"If you think something is clever and sophisticated, beware -- it is probably self-indulgence."
Before "user experience" was a buzzy term, Mike Mathis was designing websites optimized for it. And with such vast experience in design, coding, and even copywriting, we knew we had to pick Mathis's brain.
From the books we need to read to the advice that will keep us motivated, Mathis shares everything we need to know to excel as a UX designer.
DesignRush: What inspired you to go into UX design?
Mike Mathis: Well, I was a designer before UX design was a mainstream term.
Back then, I was designing, copywriting, and coding everything on my own. I was obviously a little more junior then, and I was always asking project stakeholders more about the audience. I wanted to live inside the head of the user. But the answers I was given were lacking in detail.
By the time I started hearing the term “UX”, I had built up this kind of yearning to design things differently. I read the first edition of “Lean UX” by Gothelf and Seiden, and realized immediately that I needed to evolve and become more research-based.
Grad school had luckily already prepped me for things like ethnography, survey writing, and qualitative and quantitative thinking. The field was a fit for so many reasons.
DR: What are a few of your favorite design tools?
MM: Design tools have been evolving and proliferating so rapidly these days, and for me, I’d say it’s less about the tools and more about the techniques.
If I were starting fresh today, I’d go straight to Sketch for digital design. It has gotten so much better in just the past two years. It’s built solely to create digital experiences, which means you can plug real content into it, fully leverage design libraries, whip up menus that change depending on the screen, and so on. Sketch plays well with inVision for prototyping, and Zeplin when it’s time to hand things off to dev.
DR: What are some designs or projects of your own that you are particularly proud of?
MM: These days, the best projects are the ones where I get to collaborate and inspire people.
I recently conducted usability research for a chatbot. It wasn’t much of a visual design project, and I sense that we are moving in that direction as a profession. But I found I still had the same yearning to know about the user and play my part in creating a great experience for them. The best part was presenting the findings. Quotes from ordinary users got to be seen by the whole company, including senior folks, and it made a big impact on our way forward. That’s why UX is so much more than visual design.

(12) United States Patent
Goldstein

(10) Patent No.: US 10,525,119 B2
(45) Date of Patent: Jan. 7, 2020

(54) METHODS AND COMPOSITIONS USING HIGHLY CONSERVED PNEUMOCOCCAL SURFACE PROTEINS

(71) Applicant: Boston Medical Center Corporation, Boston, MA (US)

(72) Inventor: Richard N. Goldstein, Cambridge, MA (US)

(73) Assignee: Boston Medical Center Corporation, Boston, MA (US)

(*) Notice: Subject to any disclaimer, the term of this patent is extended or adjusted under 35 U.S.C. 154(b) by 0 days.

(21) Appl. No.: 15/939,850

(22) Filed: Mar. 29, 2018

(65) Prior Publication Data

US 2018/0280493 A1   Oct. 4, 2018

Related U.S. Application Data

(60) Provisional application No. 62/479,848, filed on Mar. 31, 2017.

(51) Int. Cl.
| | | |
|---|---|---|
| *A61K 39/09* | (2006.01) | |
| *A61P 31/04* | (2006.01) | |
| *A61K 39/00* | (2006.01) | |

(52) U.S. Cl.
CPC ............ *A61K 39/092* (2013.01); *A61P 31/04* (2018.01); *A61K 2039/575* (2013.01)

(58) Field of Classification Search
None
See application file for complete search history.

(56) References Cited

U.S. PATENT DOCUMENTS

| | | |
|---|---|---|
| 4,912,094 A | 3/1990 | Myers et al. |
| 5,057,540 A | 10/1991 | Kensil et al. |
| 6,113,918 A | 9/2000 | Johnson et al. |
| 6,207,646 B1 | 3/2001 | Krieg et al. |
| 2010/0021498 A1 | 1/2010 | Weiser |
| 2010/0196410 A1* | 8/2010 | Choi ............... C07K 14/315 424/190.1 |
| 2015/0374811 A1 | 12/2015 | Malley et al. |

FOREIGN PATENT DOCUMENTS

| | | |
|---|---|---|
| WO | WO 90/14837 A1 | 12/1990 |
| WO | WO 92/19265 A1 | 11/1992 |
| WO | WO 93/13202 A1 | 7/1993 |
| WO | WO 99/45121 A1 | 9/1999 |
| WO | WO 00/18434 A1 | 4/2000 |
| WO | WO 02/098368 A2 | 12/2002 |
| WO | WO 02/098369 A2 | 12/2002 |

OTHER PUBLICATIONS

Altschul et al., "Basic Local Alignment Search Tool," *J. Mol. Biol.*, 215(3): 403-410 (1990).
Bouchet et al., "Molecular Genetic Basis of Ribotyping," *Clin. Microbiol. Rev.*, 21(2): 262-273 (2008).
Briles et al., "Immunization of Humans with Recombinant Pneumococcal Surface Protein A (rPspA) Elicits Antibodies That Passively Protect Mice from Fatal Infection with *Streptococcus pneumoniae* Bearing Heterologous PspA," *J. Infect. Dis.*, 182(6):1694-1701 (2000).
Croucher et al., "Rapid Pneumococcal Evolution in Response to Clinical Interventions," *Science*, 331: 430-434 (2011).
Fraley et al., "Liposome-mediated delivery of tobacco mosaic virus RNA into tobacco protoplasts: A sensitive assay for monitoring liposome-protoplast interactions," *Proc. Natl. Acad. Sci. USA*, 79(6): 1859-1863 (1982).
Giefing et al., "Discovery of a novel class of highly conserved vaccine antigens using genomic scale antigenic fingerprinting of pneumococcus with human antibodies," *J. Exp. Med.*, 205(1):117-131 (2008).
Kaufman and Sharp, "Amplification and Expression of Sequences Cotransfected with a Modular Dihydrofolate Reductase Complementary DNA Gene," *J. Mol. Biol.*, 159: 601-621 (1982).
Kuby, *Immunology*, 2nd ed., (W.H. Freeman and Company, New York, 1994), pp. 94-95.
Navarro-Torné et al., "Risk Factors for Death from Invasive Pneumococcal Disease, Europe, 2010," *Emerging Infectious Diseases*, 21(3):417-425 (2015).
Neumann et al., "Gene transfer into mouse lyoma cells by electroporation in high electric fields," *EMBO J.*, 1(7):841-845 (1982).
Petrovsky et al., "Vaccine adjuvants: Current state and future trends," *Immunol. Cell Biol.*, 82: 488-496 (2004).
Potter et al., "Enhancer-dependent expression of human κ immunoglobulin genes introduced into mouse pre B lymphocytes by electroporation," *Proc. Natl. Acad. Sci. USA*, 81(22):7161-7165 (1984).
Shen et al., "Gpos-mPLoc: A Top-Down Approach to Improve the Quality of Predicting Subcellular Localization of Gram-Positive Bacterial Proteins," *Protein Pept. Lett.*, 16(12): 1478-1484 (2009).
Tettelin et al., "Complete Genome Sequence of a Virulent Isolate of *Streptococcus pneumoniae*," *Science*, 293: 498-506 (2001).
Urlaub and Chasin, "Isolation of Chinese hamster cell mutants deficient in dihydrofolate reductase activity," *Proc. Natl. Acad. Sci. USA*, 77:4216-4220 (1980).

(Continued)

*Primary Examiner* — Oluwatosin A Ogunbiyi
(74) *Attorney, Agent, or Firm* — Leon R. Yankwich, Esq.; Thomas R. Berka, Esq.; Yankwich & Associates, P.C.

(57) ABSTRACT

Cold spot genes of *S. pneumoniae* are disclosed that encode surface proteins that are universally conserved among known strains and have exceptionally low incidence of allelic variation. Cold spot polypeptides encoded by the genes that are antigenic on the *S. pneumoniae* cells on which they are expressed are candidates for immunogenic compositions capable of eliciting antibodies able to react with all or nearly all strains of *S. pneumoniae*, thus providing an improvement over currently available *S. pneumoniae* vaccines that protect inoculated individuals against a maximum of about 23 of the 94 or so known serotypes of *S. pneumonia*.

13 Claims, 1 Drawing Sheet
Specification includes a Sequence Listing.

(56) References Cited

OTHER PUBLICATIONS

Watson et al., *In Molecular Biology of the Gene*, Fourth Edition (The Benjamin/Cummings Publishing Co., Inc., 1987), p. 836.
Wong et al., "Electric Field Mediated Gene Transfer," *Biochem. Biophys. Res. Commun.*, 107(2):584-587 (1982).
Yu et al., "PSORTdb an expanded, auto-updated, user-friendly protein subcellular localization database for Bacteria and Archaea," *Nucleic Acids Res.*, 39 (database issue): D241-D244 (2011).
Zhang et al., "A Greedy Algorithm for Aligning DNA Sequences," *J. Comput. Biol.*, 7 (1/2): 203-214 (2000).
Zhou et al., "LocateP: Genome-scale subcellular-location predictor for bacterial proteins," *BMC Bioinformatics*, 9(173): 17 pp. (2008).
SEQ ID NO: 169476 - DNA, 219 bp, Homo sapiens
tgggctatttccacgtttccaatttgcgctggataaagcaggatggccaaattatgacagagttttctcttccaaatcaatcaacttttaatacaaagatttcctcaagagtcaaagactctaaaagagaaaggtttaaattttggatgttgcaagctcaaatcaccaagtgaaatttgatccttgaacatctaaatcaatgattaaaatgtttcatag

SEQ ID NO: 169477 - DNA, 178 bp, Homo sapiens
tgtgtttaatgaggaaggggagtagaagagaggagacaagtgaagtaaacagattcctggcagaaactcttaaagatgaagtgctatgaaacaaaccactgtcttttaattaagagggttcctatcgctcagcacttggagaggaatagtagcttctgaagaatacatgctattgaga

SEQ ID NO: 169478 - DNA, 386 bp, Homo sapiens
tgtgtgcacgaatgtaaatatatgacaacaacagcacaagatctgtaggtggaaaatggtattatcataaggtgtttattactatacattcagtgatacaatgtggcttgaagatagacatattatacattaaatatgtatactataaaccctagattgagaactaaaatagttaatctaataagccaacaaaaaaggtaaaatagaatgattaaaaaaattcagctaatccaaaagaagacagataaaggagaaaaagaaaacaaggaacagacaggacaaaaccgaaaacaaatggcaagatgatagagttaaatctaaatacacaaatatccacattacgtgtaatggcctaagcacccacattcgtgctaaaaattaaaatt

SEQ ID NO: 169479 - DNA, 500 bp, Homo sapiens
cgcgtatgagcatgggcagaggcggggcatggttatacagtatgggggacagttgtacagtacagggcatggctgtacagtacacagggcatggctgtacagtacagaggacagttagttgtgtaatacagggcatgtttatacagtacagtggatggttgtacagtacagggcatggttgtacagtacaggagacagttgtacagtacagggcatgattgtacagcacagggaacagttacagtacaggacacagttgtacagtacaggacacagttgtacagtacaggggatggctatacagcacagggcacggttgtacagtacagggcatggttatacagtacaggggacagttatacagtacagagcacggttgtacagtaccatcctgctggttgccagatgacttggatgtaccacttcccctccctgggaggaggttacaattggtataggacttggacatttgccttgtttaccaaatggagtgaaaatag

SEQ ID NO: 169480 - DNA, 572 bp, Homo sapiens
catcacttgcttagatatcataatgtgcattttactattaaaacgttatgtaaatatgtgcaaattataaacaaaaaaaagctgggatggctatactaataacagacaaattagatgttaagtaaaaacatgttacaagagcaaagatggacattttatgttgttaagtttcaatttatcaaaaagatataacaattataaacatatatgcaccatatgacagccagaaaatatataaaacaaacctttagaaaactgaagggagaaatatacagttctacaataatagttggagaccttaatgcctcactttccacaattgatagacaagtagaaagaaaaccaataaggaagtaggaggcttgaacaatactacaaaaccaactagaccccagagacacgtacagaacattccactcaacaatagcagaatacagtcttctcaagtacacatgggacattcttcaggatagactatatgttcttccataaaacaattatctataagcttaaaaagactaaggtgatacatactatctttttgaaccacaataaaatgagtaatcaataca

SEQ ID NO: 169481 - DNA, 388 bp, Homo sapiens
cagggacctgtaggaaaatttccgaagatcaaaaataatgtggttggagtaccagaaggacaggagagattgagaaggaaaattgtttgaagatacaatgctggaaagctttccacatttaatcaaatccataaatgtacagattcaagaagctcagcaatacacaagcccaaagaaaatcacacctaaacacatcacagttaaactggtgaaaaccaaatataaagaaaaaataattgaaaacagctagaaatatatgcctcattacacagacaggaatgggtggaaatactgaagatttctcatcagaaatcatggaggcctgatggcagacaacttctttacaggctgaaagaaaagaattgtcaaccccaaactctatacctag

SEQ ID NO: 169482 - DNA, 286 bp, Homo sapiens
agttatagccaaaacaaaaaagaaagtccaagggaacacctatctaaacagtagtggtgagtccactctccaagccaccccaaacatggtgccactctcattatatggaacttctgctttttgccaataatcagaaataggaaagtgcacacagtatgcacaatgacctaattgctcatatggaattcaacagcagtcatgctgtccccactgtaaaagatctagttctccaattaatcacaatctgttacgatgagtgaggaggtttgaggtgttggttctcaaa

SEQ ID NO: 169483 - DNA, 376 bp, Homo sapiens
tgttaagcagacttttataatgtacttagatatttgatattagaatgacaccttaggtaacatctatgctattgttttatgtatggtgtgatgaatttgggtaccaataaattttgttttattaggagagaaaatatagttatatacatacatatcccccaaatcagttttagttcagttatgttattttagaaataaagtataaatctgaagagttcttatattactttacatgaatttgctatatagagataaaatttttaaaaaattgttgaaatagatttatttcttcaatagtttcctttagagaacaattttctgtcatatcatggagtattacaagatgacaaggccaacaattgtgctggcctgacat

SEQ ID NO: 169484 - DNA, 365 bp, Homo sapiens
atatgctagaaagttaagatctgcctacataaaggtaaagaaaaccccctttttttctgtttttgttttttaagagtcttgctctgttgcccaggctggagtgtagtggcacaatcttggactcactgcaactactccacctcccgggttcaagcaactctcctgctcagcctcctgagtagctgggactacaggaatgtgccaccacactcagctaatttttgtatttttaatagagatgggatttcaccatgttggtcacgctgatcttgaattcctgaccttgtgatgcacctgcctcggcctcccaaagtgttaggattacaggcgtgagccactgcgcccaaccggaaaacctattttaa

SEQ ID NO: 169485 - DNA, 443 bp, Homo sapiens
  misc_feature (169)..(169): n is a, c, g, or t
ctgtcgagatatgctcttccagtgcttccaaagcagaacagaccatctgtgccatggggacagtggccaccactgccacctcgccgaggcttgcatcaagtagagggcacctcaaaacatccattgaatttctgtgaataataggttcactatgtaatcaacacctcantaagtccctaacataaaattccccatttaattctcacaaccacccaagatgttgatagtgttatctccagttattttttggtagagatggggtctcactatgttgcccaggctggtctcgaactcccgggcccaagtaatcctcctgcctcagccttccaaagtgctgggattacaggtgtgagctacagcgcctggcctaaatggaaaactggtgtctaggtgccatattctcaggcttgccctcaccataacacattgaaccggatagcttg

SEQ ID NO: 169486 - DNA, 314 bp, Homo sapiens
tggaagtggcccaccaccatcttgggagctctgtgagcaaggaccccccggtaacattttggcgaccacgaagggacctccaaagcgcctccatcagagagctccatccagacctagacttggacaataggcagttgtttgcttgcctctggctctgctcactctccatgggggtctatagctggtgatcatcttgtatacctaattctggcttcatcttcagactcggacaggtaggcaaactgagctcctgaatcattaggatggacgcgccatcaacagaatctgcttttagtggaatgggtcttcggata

I also find myself mentoring some of the more junior or midlevel designers, and sometimes I even guest lecture about the subject at NYU. That to me is the most satisfying part of being a more experienced soul; helping others discover the field.
DR: You have the day off. What can we find you doing?
MM: Spending time with friends, family, and above all, my young kids. There was a time when I was a lot more active going to design-related classes and exhibits — but these days I’m going to the movies to see "Boss Baby." I wouldn’t change that for the world.
If I get any downtime there, I like to detach and do some illustration work. I’ve been working with Adobe Illustrator for years, and produce vector artwork you can see at iStock and Getty Images.
DR: Which blogs, websites, or apps to you check every day?
MM: When it comes to up-to-date content on various UX topics, UXpin is a pretty solid source of reading.
For research thinking, I love reading articles from the Nielsen Norman Group.
As I continue to evolve, I have also taken an interest in data science.
DR: What designers or brands speak to you?
MM: First, I see a difference between a brand’s marketing and its user experience design.
The Subaru brand won me over last year so I bought one of their cars. I don’t drive it very often, but I still can’t figure out an easy way to tune the radio. So there’s a difference between branding and user experience in that instance.
But a brand will speak to me if it works for me at a fundamental level. Banana Republic shirts fit me right and I like going to their shops. Gregory’s Coffee lets me sit there for a while and I can soak up the wifi. Nickelodeon keeps my four-year-old happy in not-so-limited doses.
Imagine all the different people who collaborated to build these brands. People with the title “designer” make up a very small portion of all those who are actually involved. So as a UX designer, you won’t be building a brand from scratch — but you can enhance what’s there.
DR: What motto motivates you in your work?
MM: “Rule of thumb: if you think something is clever and sophisticated beware-it is probably self-indulgence.”
― Donald A. Norman, The Design of Everyday Things
DR: Any final thoughts, comments, or words of wisdom you’d like to share with someone in the industry?
MM: We are living in such an exciting time. I remember when things were a lot more stable in the web design world — but now things are evolving so quickly and being a designer is a great way to get a foot in the door.
Don’t stop improving your visual design abilities, and remember it’s not all about pretty skins. Embrace research, data, and business thinking to increase your value. You already know it’s competitive out there, but you can make the choice to embrace it.
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